Choosing a bedding material for a horse is an important decision, and one that must be made with a horse’s individual personality and needs in mind. Bedding provides heat and comfort, but also must be cared for properly to avoid causing harmful living conditions for the horse. A variety of materials can be used for bedding, with each carrying their own advantages and disadvantages.
The most popular choice for centuries, straw affords heat and comfort and is quickly--and cheaply--available most of the year. Different kinds of straw may be dustier than others, however, and its absorbency can vary, although it usually provides good drainage for urine. Mucking out straw may be more difficult depending on the type used. Fortunately, it can easily be disposed and replaced. Finally, it is edible, which may be a problem for some horses.
Paper bedding is usually composed of shredded magazines and newspapers, making it another cheap and easily obtainable option. Cardboard is also shredded. These options contain less dust than straw, and are better for horses that tend to eat their bedding. Because both options cling together when damp, they can be heavy when the time comes to muck it out. Both materials are lighter, which may cause bare patches in the stall when the horse moves to lie down and get up.
Wood Shavings/Wood Pellets
Shavings are a popular alternative to straw, especially for horses that eat their bedding or suffer from respiratory problems. Wood shavings are lighter and easier to muck out, as well as provide support for the horse’s hooves. Caution needs to be used in assessing quality of shavings, however, as lower-quality mill byproduct shavings can include harmful splinters and waste. Pellets offer the advantages of shavings, offered in a compressed pellet format that increases the expense of the bedding but offers a safer method of using wood, and it is a bit easier to clean.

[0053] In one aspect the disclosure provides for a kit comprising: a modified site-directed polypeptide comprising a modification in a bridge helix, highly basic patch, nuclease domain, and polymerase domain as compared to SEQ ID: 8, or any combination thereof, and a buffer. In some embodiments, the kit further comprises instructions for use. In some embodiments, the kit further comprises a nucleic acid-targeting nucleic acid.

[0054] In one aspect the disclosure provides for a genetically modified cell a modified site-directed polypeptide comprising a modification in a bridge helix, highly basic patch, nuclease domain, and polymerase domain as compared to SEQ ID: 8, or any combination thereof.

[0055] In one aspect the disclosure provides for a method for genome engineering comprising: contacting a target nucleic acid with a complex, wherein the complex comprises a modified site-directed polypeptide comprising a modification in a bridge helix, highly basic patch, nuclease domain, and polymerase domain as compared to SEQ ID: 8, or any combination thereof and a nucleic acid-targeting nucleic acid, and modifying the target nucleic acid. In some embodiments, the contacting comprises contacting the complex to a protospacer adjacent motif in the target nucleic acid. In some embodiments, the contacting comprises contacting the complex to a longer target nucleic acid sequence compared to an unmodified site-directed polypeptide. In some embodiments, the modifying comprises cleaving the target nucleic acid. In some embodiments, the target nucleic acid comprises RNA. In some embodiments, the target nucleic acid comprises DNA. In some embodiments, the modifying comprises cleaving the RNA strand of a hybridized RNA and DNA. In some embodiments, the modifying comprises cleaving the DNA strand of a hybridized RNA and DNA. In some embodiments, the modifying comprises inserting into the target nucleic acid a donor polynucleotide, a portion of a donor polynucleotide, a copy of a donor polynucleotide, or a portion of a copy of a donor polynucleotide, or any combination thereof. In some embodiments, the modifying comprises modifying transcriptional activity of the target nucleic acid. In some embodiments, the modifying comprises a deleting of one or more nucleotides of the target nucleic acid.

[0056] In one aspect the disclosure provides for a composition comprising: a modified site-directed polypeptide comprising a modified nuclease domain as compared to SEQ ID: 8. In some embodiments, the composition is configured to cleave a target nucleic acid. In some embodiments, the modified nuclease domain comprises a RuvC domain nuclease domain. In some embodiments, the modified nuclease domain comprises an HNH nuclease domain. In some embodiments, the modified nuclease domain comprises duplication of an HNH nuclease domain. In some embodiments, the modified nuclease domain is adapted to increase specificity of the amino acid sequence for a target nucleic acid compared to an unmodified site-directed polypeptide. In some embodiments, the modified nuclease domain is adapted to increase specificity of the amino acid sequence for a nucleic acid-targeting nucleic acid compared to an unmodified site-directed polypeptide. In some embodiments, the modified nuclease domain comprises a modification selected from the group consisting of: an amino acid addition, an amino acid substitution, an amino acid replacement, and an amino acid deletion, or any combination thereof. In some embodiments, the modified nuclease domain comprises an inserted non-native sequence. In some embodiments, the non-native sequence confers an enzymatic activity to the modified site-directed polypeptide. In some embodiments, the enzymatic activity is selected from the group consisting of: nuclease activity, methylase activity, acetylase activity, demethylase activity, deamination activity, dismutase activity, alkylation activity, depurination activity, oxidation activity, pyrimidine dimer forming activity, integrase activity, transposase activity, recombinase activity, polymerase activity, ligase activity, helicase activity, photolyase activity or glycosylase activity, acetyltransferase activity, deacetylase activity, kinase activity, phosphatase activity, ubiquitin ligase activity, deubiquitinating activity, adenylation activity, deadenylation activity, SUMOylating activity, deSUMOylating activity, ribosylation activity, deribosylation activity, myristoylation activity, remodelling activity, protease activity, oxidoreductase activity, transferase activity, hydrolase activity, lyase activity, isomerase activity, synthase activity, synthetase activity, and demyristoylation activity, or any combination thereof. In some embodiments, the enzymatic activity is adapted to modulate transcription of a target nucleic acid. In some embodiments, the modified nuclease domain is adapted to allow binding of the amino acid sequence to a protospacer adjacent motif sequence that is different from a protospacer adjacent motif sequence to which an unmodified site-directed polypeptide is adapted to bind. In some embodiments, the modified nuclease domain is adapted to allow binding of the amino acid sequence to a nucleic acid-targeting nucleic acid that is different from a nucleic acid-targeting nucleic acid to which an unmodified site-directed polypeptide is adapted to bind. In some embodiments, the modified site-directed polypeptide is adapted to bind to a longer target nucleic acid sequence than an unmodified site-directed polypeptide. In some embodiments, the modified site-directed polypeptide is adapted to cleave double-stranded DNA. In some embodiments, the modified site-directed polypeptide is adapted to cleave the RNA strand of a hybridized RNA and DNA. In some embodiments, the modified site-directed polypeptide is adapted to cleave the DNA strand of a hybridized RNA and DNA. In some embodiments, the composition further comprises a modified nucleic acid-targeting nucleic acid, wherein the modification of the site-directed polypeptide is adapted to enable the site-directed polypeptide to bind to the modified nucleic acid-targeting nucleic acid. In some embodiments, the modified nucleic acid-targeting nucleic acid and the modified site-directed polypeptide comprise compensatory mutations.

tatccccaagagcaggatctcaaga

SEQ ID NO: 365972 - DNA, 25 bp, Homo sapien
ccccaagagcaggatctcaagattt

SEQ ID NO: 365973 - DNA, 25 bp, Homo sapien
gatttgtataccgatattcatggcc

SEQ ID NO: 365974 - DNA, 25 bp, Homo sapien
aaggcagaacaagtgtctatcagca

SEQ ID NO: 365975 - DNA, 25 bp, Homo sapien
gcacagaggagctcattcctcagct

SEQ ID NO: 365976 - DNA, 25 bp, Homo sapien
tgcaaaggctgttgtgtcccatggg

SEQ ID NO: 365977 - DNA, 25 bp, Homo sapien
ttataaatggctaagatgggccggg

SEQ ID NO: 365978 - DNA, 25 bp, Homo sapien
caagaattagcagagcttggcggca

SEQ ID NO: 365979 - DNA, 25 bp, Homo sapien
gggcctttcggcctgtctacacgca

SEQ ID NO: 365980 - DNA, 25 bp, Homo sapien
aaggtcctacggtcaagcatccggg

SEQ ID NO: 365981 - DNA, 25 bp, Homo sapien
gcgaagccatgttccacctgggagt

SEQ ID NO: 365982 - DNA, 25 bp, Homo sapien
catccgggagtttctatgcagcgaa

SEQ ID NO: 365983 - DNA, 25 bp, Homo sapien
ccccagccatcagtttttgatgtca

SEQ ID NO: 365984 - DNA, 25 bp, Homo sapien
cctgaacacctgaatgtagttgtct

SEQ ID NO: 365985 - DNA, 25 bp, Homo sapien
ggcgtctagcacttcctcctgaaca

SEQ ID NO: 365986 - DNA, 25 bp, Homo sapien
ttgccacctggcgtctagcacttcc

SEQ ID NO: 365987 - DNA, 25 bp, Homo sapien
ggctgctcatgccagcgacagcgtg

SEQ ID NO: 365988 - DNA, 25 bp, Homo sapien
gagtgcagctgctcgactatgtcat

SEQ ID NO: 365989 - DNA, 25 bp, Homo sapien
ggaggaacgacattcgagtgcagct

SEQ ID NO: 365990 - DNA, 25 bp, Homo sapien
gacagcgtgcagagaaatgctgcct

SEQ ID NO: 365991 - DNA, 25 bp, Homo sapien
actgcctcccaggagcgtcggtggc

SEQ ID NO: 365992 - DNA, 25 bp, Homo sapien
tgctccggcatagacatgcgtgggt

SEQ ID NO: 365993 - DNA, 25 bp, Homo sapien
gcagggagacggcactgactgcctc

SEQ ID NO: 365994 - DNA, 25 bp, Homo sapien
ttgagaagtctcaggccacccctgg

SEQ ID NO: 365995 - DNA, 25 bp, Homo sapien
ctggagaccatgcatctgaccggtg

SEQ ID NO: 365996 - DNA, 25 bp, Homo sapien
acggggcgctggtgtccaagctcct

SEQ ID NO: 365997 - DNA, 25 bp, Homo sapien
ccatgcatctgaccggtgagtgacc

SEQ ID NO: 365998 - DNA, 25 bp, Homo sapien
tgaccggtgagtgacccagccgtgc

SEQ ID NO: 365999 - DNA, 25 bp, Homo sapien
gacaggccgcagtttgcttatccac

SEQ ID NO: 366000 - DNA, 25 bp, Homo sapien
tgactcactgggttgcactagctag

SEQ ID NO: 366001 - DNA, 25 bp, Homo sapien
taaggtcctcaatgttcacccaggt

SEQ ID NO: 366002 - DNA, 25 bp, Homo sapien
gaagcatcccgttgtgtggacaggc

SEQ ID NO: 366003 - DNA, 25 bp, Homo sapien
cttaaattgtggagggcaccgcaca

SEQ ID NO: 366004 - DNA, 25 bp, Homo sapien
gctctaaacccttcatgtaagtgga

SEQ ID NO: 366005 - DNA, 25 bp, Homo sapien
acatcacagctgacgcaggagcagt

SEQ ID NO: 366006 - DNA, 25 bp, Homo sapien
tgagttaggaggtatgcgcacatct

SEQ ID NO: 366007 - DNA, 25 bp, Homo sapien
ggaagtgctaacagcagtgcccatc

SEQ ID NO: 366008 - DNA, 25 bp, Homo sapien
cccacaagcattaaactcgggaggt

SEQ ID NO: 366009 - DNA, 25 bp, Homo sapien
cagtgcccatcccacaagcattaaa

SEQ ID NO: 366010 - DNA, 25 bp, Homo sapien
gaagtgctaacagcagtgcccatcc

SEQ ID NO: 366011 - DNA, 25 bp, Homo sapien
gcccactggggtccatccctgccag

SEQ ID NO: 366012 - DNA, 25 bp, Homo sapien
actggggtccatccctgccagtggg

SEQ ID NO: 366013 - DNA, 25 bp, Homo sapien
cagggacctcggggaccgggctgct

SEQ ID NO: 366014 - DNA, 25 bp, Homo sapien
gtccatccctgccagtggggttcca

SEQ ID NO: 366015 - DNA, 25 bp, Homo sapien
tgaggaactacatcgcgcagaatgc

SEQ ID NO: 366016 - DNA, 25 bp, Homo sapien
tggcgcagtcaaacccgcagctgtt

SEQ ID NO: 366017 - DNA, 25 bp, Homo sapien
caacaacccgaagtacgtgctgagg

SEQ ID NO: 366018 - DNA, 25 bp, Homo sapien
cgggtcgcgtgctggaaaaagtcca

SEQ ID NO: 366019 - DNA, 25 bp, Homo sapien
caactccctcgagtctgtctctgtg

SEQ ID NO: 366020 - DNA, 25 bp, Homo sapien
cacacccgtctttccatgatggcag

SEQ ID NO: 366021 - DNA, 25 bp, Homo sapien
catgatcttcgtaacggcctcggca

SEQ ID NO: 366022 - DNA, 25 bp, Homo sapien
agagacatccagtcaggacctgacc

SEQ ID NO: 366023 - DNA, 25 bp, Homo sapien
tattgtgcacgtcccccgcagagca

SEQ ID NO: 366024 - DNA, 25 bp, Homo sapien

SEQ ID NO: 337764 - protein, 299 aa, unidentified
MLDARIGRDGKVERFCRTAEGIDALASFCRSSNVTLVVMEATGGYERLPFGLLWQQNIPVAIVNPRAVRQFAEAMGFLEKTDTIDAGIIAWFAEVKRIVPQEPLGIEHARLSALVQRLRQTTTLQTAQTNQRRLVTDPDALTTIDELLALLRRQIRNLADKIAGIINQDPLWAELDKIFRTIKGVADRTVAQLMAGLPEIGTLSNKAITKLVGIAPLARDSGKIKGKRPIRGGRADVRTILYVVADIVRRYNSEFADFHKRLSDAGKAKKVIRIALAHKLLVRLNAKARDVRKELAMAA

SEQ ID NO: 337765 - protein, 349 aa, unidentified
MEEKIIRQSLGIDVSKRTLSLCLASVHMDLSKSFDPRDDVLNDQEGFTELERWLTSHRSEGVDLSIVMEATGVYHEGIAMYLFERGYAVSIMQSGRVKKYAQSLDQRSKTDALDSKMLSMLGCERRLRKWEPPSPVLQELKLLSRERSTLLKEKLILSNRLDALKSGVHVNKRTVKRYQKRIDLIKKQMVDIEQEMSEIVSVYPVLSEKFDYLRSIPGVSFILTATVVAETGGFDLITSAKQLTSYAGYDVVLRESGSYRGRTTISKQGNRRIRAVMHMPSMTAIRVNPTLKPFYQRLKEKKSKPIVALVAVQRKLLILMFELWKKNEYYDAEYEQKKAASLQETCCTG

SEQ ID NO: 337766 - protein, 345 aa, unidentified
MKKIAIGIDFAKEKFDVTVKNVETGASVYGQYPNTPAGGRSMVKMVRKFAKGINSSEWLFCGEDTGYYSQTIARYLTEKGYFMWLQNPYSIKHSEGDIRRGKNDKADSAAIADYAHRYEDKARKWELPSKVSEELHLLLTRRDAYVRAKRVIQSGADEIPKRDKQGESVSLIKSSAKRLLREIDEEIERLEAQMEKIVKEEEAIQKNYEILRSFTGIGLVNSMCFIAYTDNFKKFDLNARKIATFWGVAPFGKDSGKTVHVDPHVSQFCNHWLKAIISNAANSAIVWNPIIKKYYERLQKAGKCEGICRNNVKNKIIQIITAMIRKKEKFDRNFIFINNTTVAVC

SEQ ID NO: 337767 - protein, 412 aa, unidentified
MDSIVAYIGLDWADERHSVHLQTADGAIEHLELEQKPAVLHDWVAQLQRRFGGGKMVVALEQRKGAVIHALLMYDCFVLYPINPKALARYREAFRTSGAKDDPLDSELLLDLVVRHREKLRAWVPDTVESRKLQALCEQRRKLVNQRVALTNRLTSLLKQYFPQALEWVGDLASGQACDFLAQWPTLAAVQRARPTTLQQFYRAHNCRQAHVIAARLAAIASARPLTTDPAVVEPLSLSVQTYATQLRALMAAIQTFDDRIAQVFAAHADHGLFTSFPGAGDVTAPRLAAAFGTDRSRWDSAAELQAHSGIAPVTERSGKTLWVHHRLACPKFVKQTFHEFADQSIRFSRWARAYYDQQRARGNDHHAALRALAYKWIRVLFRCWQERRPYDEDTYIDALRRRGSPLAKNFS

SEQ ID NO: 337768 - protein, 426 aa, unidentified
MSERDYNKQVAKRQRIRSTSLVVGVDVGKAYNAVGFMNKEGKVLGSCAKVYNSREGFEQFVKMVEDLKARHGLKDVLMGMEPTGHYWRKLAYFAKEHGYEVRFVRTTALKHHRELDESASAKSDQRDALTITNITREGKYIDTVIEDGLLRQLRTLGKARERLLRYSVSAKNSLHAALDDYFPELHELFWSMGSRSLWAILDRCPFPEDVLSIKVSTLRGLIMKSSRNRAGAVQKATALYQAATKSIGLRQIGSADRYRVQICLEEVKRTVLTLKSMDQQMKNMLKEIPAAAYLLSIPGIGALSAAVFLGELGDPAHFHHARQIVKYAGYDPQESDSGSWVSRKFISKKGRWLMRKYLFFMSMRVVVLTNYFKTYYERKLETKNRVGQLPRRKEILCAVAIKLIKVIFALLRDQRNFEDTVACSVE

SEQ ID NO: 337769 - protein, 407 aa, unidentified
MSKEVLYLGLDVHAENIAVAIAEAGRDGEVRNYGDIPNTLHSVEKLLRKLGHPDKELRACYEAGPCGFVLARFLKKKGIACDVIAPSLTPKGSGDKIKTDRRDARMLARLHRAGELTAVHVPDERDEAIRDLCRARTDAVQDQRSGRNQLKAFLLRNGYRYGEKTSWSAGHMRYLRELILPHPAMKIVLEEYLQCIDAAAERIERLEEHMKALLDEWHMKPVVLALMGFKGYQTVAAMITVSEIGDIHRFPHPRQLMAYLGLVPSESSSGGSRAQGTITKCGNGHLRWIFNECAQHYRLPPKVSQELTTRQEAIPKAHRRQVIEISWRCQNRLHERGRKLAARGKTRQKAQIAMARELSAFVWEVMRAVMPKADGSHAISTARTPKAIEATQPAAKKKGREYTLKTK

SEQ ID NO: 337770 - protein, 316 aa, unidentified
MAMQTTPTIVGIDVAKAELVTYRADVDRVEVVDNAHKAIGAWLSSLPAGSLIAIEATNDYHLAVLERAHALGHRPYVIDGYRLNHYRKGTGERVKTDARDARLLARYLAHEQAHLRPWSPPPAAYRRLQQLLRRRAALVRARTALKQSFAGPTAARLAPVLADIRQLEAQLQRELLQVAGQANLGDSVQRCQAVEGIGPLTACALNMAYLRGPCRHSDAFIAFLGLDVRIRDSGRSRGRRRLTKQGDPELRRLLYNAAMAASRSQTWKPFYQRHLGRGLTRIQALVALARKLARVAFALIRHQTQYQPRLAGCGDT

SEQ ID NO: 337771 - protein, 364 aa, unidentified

Rubber matting usually needs to be used in tandem with another bedding material to make up for rubber’s lack of absorbency. Without another material, much more effort must be put into hygiene to avoid illness or dirty animals. Rubber is an excellent form of support for hooves and limbs, however, reducing the possibility of injury.
A bedding substance that has seen a rise in popularity recently, this is composed of chopped flax and hemp plant stems. Like straw, this is absorbent with good drainage, but it’s another potentially edible choice. Ultimately, it’s also a more expensive option, and its availability may be limited.
Sometimes used in conjunction with other bedding types, moss is quite absorbent, requiring regular attention to keep from holding moisture. Peat is an old-fashioned style of bedding that tends to be more expensive and can be quite dusty. It is comfortable, however, and one of the less flammable choices.
Of course, providing no bedding is also an option. It certainly makes the stalls easier to clean and reduces expenses, but provides less comfort and warmth. Some owners find this works for their horses, but it isn’t a universal solution.